2022 Tour of Denmark Stage 3 Preview

Otterup > Herning 239.3km

Today’s TT has left us with a delicately balanced GC picture, the bonus seconds in the next three stages will go a long way to determining the winner of the race. This stage is a nod to GP Herning, one of the biggest races in this part of the world. We have an incredibly long stage of 239km and we have 9 gravel sectors, totalling 18.2km of the rough stuff. This is a stage that many will fear, it should have a big impact on the GC fight.


There is a risk of thunderstorms, it could be a wet stage, which will make the gravel even harder. There is a lot of crosswind throughout the day, but the wind doesn’t look strong enough to cause any splits.


The stage finishes with a lap circuit, and the final 2km looks tricky, especially the two double corners that the bunch have to negotiate. Thankfully, the front group is likely to be relatively small, so the finish won’t be dangerous. The final corner comes with 400m to go, being in the first 4 will be vital if you want to take the win.


  1. Skoværvej – at km108.4 for 1.3km
  2. Sønder Askærvej – at km128.1 for 1.7km
  3. Den Gyldne Middelvej – at 136.1km for 2km
  4. Nørregårdsvej – at km144.5 for 1.1km
  5. Sandfeldvej – at km150.3 for 1.8km
  6. Gotteborgvej – at km157.6 for 2.5km
  7. Harreskoven – at km164.1 for 3.8km
  8. Bjerregårdvej/Hagelskærvej – at km189.3 for 1.5km
  9. Buskvej – at km192.3 for 1.5km


There are two intermediate sprints that come early in the stage, after km24 and km44. As the GC picture is very tight, it will be interesting to see if Jumbo-Visma decide to chase some seconds, I know I would.

Once it settles down, everyone will be looking a little nervous. Not only do we have the gravel sections, but we also have lots of narrow roads, hopefully we don’t see crashes. The sectors look hard to me, the final 100km or so follows a similar route to GP Herning.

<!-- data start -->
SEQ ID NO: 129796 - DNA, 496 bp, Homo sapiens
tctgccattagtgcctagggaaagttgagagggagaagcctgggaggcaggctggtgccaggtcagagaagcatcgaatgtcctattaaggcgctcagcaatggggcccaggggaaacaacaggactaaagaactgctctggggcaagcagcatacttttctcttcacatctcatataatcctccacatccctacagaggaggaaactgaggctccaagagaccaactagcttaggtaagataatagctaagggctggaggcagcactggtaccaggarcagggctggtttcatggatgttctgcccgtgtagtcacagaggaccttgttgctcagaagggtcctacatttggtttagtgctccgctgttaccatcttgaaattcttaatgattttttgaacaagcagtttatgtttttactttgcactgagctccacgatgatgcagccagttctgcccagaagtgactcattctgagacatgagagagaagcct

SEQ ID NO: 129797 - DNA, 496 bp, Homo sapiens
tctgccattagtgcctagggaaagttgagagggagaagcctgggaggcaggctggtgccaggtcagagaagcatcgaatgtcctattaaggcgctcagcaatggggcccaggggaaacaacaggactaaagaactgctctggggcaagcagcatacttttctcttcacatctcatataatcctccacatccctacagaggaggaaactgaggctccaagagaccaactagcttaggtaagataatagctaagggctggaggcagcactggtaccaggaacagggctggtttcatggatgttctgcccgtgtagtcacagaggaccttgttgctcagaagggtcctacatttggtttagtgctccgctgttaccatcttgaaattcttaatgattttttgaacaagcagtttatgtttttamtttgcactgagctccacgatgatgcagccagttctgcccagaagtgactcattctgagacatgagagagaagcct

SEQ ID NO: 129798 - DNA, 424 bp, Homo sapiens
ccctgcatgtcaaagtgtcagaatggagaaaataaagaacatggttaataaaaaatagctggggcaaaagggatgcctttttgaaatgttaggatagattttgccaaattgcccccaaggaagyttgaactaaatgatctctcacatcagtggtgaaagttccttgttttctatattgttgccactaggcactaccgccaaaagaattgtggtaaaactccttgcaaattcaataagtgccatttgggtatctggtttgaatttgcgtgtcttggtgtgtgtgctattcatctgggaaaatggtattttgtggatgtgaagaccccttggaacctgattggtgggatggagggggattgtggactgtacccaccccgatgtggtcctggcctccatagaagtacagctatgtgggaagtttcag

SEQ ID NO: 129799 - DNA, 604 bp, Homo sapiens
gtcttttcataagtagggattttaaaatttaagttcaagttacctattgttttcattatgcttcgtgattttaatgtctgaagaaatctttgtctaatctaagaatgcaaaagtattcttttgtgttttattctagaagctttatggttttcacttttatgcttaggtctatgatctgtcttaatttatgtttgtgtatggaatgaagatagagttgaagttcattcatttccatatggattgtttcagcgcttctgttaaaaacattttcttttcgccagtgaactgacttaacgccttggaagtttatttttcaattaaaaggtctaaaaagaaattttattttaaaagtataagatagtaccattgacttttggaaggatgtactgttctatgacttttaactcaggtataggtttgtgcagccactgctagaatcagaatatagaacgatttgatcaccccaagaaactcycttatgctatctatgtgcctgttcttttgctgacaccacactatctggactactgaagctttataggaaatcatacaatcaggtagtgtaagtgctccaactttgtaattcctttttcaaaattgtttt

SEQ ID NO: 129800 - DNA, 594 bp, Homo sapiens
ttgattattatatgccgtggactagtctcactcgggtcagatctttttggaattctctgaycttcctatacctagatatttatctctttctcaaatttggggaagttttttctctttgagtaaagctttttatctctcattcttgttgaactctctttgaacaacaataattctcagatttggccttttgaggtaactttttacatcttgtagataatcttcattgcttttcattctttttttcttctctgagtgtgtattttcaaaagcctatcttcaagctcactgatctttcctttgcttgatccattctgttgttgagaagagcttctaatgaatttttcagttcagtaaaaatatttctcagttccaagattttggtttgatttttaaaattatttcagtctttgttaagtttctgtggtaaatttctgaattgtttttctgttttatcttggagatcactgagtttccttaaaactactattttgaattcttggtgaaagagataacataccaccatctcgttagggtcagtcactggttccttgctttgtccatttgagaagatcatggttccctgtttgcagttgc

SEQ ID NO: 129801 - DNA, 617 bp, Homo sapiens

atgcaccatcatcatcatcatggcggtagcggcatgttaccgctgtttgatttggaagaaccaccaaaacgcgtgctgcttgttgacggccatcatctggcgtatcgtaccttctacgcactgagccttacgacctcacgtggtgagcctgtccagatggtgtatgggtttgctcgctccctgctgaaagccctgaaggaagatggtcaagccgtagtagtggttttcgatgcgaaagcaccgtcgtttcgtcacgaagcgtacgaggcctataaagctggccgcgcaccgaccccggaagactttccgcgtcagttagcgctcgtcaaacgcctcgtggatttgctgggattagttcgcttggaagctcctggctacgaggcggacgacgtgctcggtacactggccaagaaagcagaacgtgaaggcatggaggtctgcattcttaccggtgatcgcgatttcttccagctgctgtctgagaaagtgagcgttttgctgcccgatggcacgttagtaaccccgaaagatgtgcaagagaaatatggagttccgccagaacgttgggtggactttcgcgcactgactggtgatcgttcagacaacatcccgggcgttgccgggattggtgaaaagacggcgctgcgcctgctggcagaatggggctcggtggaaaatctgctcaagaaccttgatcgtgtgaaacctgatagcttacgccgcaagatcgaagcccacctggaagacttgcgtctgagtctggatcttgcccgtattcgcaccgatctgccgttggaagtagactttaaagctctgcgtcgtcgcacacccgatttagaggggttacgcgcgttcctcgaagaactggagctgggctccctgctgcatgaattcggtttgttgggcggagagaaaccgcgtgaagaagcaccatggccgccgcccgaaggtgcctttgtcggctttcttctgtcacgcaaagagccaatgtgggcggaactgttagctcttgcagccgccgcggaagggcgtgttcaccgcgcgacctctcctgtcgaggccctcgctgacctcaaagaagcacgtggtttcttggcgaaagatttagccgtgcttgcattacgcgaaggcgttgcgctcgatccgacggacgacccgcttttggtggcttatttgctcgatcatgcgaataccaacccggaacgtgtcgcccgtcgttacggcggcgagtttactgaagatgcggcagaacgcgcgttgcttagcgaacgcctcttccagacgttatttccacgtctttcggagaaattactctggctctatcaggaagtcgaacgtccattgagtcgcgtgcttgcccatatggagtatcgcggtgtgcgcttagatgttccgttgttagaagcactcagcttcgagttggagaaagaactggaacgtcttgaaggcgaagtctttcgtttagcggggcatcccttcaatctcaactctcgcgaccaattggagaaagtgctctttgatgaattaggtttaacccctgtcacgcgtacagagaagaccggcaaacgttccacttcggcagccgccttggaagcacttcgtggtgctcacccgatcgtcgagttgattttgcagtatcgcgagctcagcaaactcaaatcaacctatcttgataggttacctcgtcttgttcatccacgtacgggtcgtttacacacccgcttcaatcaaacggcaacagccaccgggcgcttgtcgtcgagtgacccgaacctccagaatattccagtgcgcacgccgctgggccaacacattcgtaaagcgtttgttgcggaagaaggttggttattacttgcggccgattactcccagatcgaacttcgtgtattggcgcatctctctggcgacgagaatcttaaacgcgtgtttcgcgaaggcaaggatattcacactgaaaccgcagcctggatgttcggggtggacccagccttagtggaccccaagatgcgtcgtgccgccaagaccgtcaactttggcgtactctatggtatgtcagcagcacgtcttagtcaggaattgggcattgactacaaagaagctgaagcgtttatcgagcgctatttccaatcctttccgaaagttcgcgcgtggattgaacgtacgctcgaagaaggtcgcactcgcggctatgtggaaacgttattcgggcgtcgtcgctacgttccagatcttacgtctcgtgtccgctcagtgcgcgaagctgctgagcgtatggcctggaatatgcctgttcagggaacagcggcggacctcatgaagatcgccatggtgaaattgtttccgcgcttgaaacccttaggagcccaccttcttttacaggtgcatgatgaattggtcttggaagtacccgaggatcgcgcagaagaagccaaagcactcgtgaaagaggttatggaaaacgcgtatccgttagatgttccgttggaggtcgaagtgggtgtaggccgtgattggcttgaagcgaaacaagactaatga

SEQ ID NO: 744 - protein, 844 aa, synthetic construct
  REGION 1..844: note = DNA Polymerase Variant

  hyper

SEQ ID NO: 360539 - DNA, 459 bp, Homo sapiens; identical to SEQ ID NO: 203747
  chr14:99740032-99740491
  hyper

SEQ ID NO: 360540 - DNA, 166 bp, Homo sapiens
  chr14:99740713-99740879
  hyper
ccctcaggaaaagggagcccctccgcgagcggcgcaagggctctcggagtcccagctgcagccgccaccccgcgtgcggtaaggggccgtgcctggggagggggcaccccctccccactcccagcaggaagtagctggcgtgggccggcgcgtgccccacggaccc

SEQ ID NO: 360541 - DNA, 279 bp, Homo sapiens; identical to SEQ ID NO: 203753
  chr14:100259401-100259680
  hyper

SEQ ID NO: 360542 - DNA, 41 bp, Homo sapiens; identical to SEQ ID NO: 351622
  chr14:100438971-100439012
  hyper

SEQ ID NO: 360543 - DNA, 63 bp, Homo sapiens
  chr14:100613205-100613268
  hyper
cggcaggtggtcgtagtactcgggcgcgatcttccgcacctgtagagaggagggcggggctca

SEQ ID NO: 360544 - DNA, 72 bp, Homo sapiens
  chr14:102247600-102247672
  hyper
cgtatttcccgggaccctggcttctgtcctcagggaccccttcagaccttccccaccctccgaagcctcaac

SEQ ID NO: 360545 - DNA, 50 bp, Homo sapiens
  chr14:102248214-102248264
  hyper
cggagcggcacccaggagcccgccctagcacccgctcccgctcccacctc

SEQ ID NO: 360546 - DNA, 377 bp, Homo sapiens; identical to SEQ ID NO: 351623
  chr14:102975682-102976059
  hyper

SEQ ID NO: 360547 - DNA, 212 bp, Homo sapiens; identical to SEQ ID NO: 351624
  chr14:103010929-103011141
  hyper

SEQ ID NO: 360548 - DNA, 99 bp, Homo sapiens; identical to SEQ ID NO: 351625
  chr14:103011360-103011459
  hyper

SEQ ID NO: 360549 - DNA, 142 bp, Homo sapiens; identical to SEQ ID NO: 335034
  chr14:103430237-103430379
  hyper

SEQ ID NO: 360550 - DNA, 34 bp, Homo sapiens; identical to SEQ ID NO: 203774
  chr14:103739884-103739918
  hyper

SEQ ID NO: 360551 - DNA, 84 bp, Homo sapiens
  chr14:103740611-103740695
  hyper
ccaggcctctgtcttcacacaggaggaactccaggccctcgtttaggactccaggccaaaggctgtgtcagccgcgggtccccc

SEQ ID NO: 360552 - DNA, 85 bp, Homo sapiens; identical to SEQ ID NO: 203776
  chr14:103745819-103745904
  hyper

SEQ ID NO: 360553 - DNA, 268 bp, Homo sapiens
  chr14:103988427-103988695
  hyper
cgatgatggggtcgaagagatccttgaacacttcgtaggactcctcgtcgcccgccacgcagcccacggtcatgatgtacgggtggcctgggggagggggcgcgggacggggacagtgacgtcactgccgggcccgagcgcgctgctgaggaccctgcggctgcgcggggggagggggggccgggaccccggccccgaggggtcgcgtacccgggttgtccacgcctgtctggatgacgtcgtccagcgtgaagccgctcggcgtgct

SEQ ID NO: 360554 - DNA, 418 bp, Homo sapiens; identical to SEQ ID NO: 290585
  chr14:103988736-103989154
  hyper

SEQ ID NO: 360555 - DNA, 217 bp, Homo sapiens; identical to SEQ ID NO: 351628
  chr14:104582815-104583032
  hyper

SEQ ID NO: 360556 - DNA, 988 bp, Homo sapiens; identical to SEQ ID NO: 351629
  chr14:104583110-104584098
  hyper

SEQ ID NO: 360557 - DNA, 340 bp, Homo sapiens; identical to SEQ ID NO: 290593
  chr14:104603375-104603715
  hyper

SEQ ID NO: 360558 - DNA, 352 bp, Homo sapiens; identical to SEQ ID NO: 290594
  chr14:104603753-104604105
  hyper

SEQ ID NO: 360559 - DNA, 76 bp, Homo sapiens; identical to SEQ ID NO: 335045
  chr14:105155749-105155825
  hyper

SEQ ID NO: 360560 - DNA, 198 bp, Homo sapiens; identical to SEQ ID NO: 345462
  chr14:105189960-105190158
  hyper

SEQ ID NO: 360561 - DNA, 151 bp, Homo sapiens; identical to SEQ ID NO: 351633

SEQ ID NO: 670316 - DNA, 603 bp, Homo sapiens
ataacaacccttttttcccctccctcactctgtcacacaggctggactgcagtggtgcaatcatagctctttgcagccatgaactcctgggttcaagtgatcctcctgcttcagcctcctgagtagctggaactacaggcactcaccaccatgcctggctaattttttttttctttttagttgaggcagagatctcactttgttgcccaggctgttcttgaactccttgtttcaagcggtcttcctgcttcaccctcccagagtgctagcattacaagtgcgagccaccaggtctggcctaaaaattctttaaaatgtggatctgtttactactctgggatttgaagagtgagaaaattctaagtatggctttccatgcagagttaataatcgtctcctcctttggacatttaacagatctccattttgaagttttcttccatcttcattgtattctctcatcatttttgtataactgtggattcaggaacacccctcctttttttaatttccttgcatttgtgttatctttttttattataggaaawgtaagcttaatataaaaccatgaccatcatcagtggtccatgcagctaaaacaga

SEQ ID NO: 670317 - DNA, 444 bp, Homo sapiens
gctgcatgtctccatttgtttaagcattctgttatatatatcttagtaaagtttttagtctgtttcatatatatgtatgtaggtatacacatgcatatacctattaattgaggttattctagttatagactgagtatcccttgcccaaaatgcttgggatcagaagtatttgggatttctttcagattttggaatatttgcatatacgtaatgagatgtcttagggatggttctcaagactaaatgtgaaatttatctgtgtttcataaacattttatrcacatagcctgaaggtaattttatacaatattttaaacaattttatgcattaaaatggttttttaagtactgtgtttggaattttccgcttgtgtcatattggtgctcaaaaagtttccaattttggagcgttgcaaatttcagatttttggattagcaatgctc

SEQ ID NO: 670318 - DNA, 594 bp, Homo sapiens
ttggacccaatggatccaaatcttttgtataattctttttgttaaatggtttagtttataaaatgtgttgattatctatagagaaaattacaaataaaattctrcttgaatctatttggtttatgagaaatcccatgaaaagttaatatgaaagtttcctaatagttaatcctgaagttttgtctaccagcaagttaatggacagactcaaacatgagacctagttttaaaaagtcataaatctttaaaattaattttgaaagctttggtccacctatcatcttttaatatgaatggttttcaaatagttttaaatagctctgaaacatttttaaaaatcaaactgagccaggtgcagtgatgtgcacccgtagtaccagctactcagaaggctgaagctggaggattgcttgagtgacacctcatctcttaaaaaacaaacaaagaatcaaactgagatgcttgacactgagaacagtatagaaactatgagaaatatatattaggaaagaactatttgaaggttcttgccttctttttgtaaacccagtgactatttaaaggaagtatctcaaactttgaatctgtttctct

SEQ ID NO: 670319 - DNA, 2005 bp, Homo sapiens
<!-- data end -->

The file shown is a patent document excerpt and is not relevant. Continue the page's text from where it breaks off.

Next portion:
Sectors 2 to 7 all come in a relatively short period of time, 6 and 7 should be the most important as they are the longest, particularly number 7. Almost 4km on gravel could see massive splits and the front group should be relatively small once we get back onto the tarmac road. Then we have around 20km of normal road, which could see a regrouping, before the final two sectors. The issue I have is the gap between the final sector and the finish, we’re talking around 45km, which will make it very hard for attackers to stay away, but they will hopefully still try.

From a tactical point of view, I see Jumbo-Visma, Ineos and Trek-Segafredo as the team’s most likely to try something. They have the power, and they also have the strength to perform well in this stage, but it’s hard to tell just how selective the stage will be. The most likely scenario is a couple of groups coming together and a relatively small group of around 30 riders going to the line together. As usual when riding on gravel, punctures could have a big say in the outcome of the stage.


Christophe Laporte – sits just 6 seconds down on GC, this is a big chance for him to move closer to Sheffield. With the likes of Van Dijke, Eenkhoorn, Kooij and Van Der Sande they have the power required to put pressure on the other teams. Laporte is normally very good on the cobbles, and as previous winner of Tro-Bro Léon, the gravel isn’t going to worry him either. He rarely wins big sprints, but he is very fast and hard to beat in a reduced sprint, which is exactly the scenario Jumbo-Visma will race for.